1. [16]
    The submission of the Respondent ignores the express wording of s 132A. Section 132A only has application in circumstances where a worker has not made an application for compensation under s 132. Reference to s 134 would, in my view, only have application in circumstances where an application for compensation was made in accordance with s 132 of the Act. No such application has been made. If such an application had of been made then the Appellant could not have relied on s 132A.

The right of review

  1. [17]
    The pre-amended Act made no provision for a review under Chapter 13 of the Act of a decision by the insurer under s 132A. The Workers’ Compensation and Rehabilitation and Other Legislation Amendment Act 2015 amended section 540 by inserting s 540 (viiia) which relevantly provides:

 540 Application of pt 2

  1. (1)
    This part applies to the following-
  1. (a)
    A decision by WorkCover-

(viiia)to allow or reject an application under section 132A or 132B;

  1. [18]
    The Explanatory Memorandum sets out the purpose of the amendment to s 540 of the Act in the following terms:

Clause 10 amends section 540 of the Act to specify that a decision by an insurer to allow or reject an application made under section 132A, section 132B or section 239A of the Act is a reviewable decision under the Act. This supports amendments made by clause 6 of the bill to reinstate an injured workers’ entitlement to seek damages.

  1. [19]
    The amendment to s 540 to insert subsection (viiia) made the allowance or a rejection by WorkCover of an application under s 132A, a reviewable decision.

Dealing with the s 132A application

  1. [20]
    The Workers’ Compensation and Rehabilitation and Other Legislation Amendment Act 2015 relevantly inserted into the 2003 Act the following two transitional provisions.
  1. [21]
    Section 708 provides:

 708Definitions for pt 2

 In this part—

 pre-amended Act means this Act as in force before 31 January 2015.

transitional period means the period starting on 31 January 2015 and ending on the date of assent of the amendment Act.

  1. [22]
    Section 709 provides:

 709Injuries sustained before 31 January 2015

  1. (1)
    This section applies if a worker sustained an injury before 31 January 2015.
  1. (2)
    The pre-amended Act continues to apply in relation to the injury as if the amendment Act had not been enacted.
  1. (3)
    Without limiting subsection (2)—
  1. (a)
    the amount of compensation payable in relation to the injury must be worked out under the pre-amended Act; and
  1. (b)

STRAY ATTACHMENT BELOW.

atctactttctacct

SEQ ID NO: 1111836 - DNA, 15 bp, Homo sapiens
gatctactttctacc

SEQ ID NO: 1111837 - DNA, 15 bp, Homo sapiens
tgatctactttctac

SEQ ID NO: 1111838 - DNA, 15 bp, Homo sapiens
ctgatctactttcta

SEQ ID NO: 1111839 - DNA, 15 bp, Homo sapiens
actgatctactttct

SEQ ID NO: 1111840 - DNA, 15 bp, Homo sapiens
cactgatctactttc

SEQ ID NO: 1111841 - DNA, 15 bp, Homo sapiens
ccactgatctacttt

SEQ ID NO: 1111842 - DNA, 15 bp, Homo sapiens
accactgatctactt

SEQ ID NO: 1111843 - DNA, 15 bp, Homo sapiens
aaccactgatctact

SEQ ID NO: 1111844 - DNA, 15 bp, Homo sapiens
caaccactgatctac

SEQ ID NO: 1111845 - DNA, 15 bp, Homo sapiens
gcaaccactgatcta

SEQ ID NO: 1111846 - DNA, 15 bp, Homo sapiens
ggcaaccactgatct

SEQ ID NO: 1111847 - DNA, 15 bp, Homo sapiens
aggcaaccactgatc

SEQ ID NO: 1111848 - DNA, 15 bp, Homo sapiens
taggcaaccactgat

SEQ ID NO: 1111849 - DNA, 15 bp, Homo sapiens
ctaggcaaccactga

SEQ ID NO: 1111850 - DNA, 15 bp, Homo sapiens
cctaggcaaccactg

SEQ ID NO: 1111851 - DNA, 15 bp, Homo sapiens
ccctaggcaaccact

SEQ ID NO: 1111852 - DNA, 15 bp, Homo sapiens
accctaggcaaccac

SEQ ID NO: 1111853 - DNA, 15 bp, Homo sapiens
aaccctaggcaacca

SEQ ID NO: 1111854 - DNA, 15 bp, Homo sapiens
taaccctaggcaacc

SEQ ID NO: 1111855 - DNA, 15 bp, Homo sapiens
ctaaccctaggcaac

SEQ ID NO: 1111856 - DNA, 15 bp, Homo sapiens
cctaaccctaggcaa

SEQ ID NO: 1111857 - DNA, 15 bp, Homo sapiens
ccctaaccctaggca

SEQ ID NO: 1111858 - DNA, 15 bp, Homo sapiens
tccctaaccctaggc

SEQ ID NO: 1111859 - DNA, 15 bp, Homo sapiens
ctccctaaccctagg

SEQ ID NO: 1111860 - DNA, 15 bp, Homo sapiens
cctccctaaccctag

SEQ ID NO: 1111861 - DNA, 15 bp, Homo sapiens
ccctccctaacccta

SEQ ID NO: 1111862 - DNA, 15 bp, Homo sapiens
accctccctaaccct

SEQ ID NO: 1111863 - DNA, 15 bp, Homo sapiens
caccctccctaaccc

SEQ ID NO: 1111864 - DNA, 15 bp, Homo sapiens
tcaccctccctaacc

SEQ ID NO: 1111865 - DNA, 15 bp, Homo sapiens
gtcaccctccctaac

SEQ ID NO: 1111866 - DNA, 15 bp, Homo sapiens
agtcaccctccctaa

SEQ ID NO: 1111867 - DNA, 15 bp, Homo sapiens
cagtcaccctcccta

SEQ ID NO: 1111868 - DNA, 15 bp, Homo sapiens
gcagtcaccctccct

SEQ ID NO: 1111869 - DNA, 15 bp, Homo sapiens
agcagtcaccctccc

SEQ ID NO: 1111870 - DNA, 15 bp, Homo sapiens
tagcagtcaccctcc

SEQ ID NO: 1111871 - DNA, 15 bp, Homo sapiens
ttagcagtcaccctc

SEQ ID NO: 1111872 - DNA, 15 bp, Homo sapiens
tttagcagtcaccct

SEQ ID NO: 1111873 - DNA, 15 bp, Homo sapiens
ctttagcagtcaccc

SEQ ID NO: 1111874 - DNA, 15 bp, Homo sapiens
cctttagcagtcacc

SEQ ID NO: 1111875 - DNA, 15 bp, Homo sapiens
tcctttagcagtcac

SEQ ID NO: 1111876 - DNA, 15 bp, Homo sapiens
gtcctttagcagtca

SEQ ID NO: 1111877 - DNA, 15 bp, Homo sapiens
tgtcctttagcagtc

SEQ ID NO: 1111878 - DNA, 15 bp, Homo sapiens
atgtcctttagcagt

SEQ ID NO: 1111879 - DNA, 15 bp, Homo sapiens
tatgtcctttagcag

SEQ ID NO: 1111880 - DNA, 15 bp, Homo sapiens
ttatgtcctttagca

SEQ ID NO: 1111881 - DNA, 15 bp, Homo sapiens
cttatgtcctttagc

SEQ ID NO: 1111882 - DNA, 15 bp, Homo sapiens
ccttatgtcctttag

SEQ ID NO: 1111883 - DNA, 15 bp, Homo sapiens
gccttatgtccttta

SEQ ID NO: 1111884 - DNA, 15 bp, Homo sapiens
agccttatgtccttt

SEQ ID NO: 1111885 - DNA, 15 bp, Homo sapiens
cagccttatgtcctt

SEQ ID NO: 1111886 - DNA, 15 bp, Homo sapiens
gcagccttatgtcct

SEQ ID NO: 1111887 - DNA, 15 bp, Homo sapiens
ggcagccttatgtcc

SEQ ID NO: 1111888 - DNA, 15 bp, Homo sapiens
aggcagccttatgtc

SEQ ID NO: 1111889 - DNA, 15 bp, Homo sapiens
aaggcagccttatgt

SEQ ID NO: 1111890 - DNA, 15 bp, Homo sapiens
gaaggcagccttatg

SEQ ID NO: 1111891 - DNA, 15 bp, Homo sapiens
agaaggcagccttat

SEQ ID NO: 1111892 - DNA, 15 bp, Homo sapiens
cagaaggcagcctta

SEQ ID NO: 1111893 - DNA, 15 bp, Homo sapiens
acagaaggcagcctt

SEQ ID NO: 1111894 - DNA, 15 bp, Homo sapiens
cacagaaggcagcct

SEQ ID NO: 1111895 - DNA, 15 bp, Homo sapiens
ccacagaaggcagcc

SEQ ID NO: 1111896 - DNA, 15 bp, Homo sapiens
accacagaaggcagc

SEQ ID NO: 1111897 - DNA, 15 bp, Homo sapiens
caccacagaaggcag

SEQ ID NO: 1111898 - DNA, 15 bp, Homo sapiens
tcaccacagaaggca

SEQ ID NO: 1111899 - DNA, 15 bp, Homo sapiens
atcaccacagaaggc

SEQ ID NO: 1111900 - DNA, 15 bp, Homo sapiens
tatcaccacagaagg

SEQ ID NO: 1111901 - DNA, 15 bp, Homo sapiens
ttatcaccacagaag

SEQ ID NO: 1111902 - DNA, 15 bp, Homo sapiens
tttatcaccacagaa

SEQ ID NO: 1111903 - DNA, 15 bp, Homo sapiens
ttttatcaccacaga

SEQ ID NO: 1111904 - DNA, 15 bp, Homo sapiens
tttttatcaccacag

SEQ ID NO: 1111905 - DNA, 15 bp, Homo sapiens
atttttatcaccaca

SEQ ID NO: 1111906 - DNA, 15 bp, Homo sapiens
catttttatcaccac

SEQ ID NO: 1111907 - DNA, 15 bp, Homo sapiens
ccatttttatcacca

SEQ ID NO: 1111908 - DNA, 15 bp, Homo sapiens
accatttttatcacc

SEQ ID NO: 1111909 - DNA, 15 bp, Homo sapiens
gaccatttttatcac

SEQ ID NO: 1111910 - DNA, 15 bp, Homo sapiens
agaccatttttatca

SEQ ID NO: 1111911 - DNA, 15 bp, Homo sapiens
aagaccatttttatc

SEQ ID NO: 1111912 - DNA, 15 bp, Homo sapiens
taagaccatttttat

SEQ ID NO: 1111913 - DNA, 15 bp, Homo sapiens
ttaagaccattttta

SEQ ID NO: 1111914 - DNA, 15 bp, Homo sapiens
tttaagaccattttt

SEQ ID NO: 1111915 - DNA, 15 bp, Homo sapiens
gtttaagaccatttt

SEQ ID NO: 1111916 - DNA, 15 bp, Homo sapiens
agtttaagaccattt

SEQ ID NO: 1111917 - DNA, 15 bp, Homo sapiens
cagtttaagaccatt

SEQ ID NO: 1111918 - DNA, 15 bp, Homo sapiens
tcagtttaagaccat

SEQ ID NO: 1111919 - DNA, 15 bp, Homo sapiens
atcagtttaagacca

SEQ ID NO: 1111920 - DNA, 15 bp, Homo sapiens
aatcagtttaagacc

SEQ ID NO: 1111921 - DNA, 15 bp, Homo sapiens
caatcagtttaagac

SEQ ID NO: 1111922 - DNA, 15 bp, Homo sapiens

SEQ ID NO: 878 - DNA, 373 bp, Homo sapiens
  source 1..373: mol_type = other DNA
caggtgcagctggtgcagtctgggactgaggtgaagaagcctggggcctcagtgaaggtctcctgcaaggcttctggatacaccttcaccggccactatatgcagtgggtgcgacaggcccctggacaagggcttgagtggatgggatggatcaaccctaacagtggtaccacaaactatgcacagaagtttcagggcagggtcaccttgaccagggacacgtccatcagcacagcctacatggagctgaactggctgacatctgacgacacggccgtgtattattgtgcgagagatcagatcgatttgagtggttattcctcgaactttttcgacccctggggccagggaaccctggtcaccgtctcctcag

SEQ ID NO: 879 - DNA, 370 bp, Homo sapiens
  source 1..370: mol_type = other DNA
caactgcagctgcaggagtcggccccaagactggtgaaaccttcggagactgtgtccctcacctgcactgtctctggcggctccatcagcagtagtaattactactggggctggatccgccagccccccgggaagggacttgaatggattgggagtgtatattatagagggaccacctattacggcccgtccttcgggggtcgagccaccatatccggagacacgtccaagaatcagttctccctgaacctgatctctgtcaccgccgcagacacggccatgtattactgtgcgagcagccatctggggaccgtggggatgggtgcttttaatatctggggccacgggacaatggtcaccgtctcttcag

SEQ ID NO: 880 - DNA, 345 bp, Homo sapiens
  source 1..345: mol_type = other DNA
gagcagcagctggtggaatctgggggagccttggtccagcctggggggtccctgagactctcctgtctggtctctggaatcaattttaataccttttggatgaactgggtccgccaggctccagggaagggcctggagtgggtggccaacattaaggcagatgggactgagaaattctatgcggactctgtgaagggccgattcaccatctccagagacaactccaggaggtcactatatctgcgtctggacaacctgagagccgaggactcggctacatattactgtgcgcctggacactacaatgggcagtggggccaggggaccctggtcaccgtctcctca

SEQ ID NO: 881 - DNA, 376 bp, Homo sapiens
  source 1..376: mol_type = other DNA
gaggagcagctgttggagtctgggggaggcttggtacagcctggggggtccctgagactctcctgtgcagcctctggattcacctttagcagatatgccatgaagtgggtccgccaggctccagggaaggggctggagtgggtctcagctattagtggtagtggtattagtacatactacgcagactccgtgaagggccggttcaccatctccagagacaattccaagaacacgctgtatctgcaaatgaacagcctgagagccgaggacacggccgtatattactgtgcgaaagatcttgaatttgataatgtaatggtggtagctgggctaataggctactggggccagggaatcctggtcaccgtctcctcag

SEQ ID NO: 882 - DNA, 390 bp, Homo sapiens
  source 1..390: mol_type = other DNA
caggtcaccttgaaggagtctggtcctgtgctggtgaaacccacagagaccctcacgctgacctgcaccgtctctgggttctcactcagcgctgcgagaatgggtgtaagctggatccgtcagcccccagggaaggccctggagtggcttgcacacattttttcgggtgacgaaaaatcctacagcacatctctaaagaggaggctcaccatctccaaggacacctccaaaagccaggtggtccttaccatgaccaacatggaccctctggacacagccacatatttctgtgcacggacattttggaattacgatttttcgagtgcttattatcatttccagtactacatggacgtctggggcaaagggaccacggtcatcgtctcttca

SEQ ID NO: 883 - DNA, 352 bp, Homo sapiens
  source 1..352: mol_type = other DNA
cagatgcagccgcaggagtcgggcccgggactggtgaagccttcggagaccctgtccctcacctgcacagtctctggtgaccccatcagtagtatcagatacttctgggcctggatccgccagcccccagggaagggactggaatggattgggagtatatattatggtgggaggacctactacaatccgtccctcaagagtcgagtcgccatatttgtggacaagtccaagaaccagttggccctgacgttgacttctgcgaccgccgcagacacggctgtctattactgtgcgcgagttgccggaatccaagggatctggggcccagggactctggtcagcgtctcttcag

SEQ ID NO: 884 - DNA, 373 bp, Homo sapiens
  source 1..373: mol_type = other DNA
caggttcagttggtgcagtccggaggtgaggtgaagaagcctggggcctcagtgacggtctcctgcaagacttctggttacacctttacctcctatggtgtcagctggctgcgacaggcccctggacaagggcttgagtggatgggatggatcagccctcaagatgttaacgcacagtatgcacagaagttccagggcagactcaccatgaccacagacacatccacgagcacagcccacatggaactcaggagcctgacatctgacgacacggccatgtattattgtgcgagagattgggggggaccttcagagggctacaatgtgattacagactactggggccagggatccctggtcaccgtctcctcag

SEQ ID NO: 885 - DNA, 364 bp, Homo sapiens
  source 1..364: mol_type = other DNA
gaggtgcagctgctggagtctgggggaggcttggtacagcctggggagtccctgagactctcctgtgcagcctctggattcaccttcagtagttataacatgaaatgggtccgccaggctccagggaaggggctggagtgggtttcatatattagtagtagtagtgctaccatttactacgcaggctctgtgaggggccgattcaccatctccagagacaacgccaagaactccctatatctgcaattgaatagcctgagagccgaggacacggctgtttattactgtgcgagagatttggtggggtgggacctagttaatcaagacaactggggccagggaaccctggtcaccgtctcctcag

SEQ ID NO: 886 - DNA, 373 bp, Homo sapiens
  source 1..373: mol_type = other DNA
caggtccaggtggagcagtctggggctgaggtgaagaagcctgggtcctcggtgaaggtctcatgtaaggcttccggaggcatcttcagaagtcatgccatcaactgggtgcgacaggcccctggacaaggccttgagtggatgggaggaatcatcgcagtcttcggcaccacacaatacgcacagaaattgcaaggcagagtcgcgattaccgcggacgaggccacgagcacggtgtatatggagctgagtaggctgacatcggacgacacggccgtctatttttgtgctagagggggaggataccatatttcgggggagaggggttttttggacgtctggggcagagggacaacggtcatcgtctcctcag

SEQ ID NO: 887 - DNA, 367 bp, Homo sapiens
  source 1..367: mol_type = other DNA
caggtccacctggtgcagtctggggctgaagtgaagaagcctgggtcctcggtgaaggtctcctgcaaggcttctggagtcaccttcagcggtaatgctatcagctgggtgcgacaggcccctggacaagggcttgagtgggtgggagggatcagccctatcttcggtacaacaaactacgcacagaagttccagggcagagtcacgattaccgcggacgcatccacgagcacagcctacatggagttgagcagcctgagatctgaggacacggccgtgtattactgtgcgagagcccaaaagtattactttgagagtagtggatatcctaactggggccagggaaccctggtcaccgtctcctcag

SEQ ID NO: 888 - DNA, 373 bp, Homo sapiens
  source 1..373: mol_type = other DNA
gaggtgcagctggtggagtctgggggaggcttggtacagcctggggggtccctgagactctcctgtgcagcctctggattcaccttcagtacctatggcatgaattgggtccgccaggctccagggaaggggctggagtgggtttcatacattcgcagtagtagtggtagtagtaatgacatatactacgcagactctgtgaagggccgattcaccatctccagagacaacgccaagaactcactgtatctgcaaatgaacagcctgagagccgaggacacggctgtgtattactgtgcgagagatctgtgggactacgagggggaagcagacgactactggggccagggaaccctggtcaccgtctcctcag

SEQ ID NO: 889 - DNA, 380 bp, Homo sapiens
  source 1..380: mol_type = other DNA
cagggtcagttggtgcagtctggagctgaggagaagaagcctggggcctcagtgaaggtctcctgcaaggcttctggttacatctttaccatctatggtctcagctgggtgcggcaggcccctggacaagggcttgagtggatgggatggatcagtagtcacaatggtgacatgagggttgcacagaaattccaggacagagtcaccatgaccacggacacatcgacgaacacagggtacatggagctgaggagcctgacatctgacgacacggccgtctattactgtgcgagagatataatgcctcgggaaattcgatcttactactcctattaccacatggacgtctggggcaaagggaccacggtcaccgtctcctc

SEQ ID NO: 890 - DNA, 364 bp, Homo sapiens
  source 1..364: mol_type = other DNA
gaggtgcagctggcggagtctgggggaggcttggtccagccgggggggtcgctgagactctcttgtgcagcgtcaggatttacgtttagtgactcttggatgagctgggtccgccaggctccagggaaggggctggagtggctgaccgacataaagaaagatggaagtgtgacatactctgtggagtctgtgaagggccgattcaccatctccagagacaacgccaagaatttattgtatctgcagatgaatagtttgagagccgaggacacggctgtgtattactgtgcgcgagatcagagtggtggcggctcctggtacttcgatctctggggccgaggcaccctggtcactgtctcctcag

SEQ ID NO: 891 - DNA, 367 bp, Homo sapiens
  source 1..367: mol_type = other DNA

chapter 5 of the pre-amended Act applies in relation to damages, or a proceeding for damages, for the injury.
  1. (4)
    Also, if an insurer made a decision on an application in relation to the injury under former section 132A during the transitional period, a worker aggrieved by the decision may apply to have the decision reviewed under chapter 13.
  1. [23]
    For present purposes, the alleged injury is said to have occurred sometime in August or September 2014. Section 709 of the Act applies to the s 132A application as the Appellant sustained an injury before 31 January 2015. Accordingly, the pre-amended Act, that being the Act in force before 31 January 2015, continued to apply in relation to the injury as if the amendment Act had not been enacted.
  1. [24]
    WorkCover and, in turn, the Respondent should have applied s 132A of the pre-amended Act. They did not. It was properly conceded by the regulator that the review decision of 15 November 2017 incorrectly applied s 132A as amended by the Workers’ Compensation and Rehabilitation and Other Legislation Amendment Act 2015 and not as the section stood as at the date of injury, namely, August or September 2014.[1] Equally, the decision of WorkCover dated 21 June 2017 also fell into error in misapplying the appropriate version of s 132A.
  1. [25]
    It is evident that the legislature intended that a worker would be given a right of review on an application in relation to an injury under the former s 132A of the Act. This is clearly reflected in s 709(4) where, even during the transitional period, a worker aggrieved by the decision of the insurer under the former s 132A was given the ability to apply to have the decision reviewed under chapter 13.
  1. [26]
    For the reasons advanced above, the decision of the regulator of 15 November 2017 ought to be set-aside.
  1. [27]
    I will hear from the parties in relation to the form of the order and as to costs.

Footnotes

[1] T3-12 Ll 15-26.

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Editorial Notes

  • Published Case Name:

    Langridge v Workers' Compensation Regulator

  • Shortened Case Name:

    Langridge v Workers' Compensation Regulator

  • MNC:

    [2019] QIRC 48

  • Court:

    QIRC

  • Judge(s):

    O'Connor VP

  • Date:

    20 Mar 2019

Appeal Status

Please note, appeal data is presently unavailable for this judgment. This judgment may have been the subject of an appeal.